Archive | Uncategorized RSS feed for this section

Western Pacific Tropical Cyclone Climatology – January

January Tropical Cyclone Tracks – Japan Meteorological Agency Best Track (1951-2016)
Cyan dots denote winds 65 to 115 km/h.

Happy New Year and welcome to a new month. Climatologically speaking, January tends to be a quiet month for the Western Pacific basin. Over the 66 years of the Japan Meteorological Agency (JMA) best track data, a tropical cyclone exists in the month of January roughly once every two years (0.55 per year). This includes tropical cyclones that formed in December, but persisted into the month of January. In 2016, no tropical cyclones existed in January while 2015 featured Severe Tropical Storm Mekkhala (Amang in the Philippines). Within the best track data, no tropical cyclones reached typhoon-strength.

The hot spots for activity are along the eastern bounds of the Philippine Area of Responsibility and near the western Caroline Islands, to include Palau and Yap state of the Federated States of Micronesia (FSM).  To a lesser extent are the Philippines, with the bulk of activity focused on the Visayas and MIMAROPA regions.  That said, risk on an annual basis is very low as this is the quiet time of the year.  Tropical cyclones within a 200 km radius of the aforementioned landmasses occur roughly once per decade.  Below is a statistical average of tropical cyclones to affect a region per year based on the JMA best track data, in no particular order.

  • MIMAROPA, Philippines — 0.08 / yr
  • Southeast Luzon, Philippines — 0.06 / yr
  • Visayas, Philippines — 0.09 / yr
  • Mindanao, Philippines — 0.06 / yr
  • Palau — 0.11 / yr
  • Yap, FSM — 0.15 / yr
  • Guam — 0.09 /yr

No tropical cyclones are recorded to have made landfall elsewhere in the Asian continent, to include the Indochina peninsula, China, Taiwan, the Korean peninsula, and Japan.

Bottom line, it should be quiet for the month, but never let your guard down.  It only takes one storm to cause a disaster, so be prepared!  -Mike



By making use of any information on this website, you agree to the following:

NO WARRANTIES: All of the information provided on this website is provided “AS-IS” and with NO WARRANTIES. No express or implied warranties of any type are made with respect to the information, or any use of the information, on this site. makes no representations and extends no warranties of any type as to the accuracy or completeness of any information or content on this website.

DISCLAIMER OF LIABILITY: specifically DISCLAIMS LIABILITY FOR INCIDENTAL OR CONSEQUENTIAL DAMAGES and assumes no responsibility or liability for any loss or damage suffered by any person as a result of the use or misuse of any of the information or content on this website. assumes or undertakes NO LIABILITY for any loss or damage suffered as a result of the use, misuse or reliance on the information and content on this website.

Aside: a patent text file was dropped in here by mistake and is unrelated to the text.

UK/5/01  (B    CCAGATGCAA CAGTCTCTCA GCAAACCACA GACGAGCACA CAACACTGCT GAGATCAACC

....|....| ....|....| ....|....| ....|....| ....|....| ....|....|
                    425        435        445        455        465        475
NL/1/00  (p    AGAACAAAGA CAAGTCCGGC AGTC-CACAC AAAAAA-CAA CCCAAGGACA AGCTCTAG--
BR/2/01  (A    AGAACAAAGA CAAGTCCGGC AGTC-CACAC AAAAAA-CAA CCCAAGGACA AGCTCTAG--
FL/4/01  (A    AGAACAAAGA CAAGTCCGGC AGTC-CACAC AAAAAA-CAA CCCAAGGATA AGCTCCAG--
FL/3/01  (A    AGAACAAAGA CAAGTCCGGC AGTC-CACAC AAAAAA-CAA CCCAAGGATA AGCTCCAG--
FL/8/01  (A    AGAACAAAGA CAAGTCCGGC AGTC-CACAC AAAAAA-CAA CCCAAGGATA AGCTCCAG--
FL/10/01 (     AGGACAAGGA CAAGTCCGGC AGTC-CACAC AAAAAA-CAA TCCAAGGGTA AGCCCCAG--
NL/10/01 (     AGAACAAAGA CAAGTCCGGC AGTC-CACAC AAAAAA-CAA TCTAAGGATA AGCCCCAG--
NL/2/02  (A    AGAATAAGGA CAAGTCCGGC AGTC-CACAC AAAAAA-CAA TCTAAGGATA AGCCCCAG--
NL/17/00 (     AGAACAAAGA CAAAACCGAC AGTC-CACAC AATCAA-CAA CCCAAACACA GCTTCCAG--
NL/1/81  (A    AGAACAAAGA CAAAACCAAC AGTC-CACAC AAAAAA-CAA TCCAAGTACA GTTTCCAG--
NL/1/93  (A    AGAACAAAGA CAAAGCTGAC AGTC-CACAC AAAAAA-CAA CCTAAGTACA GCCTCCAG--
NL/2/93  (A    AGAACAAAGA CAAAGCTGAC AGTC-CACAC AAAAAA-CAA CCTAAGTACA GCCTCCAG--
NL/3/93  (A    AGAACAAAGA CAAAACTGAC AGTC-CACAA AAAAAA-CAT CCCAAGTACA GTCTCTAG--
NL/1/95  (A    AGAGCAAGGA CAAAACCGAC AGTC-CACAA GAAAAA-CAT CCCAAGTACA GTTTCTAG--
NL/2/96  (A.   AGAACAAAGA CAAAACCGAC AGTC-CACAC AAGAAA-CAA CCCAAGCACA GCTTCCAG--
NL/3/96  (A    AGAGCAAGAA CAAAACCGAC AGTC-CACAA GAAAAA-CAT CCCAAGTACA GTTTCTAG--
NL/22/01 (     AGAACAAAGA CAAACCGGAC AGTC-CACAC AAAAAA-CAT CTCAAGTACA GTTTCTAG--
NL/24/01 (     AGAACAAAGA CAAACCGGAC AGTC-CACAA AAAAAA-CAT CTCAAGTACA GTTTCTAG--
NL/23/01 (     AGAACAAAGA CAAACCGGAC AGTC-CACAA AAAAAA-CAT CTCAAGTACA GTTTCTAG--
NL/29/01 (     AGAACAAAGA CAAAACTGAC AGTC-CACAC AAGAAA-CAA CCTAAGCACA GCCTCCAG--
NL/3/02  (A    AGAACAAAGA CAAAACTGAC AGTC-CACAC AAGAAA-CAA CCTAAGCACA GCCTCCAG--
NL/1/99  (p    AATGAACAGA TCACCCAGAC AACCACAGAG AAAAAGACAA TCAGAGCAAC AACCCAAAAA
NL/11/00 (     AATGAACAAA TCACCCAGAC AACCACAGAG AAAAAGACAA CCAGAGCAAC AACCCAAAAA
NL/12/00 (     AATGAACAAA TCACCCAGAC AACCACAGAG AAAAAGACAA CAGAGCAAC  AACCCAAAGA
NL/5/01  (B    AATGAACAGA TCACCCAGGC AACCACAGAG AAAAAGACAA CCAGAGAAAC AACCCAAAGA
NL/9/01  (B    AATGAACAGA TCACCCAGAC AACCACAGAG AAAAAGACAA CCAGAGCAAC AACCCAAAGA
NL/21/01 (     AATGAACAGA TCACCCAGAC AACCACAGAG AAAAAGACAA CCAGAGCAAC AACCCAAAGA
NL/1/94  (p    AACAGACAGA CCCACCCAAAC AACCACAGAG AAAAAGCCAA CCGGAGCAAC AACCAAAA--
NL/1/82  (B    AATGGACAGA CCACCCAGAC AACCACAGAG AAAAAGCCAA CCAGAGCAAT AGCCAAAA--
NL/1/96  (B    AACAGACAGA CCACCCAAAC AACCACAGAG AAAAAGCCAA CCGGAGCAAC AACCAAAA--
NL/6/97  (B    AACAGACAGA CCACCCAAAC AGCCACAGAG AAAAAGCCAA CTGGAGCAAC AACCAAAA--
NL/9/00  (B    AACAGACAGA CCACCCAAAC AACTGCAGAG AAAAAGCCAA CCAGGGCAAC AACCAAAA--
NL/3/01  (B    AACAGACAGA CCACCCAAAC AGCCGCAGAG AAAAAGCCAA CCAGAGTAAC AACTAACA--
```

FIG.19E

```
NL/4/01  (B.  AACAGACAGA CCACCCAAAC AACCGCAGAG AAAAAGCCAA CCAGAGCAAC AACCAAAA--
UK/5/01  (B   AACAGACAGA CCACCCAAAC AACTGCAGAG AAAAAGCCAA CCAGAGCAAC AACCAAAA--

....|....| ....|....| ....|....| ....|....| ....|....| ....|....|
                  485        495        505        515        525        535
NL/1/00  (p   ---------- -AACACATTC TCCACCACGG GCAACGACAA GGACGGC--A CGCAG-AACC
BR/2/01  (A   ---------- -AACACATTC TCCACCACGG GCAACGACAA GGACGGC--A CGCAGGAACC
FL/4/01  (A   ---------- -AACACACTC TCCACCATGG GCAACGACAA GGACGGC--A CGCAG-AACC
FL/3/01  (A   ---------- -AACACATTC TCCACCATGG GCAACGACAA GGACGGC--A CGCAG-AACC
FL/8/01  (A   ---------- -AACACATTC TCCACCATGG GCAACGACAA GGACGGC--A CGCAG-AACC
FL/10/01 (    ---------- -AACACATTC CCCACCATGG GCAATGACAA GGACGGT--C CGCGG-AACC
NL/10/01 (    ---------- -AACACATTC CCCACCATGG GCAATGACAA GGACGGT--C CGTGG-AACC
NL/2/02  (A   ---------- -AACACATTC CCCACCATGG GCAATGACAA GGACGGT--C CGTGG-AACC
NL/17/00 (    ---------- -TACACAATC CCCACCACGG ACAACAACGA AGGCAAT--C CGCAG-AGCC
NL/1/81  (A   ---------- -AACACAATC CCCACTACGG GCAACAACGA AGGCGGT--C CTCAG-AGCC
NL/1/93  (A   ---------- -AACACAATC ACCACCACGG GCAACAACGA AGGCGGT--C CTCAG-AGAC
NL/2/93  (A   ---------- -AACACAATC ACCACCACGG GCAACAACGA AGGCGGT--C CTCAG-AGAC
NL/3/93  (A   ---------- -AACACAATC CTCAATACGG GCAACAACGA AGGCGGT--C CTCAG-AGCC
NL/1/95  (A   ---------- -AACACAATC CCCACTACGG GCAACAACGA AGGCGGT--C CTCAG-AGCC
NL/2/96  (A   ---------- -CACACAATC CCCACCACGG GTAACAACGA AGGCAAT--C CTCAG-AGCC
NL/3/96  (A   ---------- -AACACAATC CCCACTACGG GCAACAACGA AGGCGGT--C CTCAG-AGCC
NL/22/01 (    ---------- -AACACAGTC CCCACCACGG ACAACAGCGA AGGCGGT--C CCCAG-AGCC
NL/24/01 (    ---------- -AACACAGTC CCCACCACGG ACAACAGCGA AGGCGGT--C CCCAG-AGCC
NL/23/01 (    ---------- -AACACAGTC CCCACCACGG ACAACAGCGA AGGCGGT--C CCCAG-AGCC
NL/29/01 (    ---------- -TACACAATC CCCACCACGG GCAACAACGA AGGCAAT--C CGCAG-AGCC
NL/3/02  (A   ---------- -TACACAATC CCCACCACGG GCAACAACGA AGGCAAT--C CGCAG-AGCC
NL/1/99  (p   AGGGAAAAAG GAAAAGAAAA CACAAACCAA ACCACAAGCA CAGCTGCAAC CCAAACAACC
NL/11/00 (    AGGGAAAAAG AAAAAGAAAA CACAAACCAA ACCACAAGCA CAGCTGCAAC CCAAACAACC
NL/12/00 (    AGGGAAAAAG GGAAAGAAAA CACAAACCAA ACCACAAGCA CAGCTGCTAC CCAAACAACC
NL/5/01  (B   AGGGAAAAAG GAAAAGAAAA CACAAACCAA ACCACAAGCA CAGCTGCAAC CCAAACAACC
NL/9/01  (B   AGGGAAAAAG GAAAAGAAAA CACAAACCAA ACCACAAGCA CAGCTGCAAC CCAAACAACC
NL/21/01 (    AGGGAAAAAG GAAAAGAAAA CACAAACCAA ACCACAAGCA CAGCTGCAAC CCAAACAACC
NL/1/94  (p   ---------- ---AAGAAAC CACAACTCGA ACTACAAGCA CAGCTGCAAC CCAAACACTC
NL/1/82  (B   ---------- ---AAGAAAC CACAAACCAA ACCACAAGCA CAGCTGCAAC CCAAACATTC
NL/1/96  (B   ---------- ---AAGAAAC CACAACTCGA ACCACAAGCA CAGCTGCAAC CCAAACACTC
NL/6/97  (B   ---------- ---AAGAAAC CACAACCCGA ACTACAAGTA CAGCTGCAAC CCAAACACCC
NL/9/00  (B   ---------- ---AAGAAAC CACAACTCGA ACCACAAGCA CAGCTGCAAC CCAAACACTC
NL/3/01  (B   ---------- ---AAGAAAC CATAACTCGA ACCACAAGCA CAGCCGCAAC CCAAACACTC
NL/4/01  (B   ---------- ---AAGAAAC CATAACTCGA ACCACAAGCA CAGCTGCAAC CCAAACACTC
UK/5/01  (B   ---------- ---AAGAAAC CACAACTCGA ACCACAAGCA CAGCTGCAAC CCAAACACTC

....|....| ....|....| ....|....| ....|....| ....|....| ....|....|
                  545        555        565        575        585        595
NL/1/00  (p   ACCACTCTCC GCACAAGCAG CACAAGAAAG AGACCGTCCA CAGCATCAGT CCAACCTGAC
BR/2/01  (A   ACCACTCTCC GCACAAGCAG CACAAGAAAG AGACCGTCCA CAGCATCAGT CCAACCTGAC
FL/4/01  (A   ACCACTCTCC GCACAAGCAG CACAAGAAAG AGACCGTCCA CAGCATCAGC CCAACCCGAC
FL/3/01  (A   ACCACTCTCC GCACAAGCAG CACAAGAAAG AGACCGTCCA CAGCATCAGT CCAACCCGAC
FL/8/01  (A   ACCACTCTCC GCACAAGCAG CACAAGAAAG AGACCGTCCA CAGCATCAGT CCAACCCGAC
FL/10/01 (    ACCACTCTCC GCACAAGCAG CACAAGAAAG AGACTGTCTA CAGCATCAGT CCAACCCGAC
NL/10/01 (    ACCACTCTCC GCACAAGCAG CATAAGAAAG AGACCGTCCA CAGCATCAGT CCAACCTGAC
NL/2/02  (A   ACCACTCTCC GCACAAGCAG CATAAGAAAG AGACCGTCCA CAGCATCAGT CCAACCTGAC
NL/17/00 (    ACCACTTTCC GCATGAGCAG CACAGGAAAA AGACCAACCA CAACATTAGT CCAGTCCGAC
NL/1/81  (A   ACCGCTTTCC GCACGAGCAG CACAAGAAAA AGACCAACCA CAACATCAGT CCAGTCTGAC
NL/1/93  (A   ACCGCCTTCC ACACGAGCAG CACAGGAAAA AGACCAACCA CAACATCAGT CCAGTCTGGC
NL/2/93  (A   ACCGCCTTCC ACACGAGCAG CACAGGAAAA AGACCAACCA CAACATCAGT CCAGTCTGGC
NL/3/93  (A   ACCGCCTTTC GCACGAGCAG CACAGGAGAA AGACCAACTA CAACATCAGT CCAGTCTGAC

USE AT YOUR OWN RISK: This website is for informational purposes only. The opinions expressed within this website are the opinions of each contributor. urges you to consult with OFFICIAL sources for information whenever you feel a threat is impending.

All rights reserved. © 2017

New Years Weekend Weather Outlook, Snow and Tropics Remain Calm

It looks like a classic winter weather setup heading in to the weekend across Japan with up to 40cm of snowfall possible in Niigata and Nagano and over 30cm further north in to Hokkaido.


This is big news for those maybe heading out the mountains to spend their new years holiday in Japan. One of the biggest holidays of the year and prime for people traveling across the country.


With the snowfall in place and roads already packed be sure to plan accordingly if you are traveling, even in by plan or train as most of them will be booked up.


For those who want to take a look at the snow forecast check out the video below. This is mostly for those in Nagano but also discussing the weather overall across Japan.

Meanwhile in to China high pressure with the latest cold surge is dominating creating rough air quality. Today in Beijing the air quality is good but as this cold high dominates over the next several days expect conditions to deteriorate for much of NE china in regards to pollution.


Meanwhile in the tropics the North East Monsoon is dominating, there was another little low out south of Guam which is still there but I personally would not worry about it to much. Overall cooler northerly winds and scattered showers for eastern sea boards will dominating south east Asia over the long weekend.

This is just a quick update, so if you are looking for more information please do check out our facebook page.


Also want to note for those who are getting in to weather or want to get your information out there more we are always taking people in to type up forecast here on the website. Please let us know if you are interested.


At least 3 confirmed deaths but possibly more have been reported as of Tuesday morning due to Typhoon Nock-ten after it rolled over the Philippines on Christmas weekend.

Impressively there was not any more deaths from this storm for a few reasons. The big one was the fact it hit over the holiday weekend, a time when many people were just not paying attention to the news or if they were then were just straight up ignoring it and going on with Christmas plans. But what took place ahead of it may have saved hundreds of lives, mass forced evacuations by people actually going to low lying communities and forcing people to get out ahead of the storm.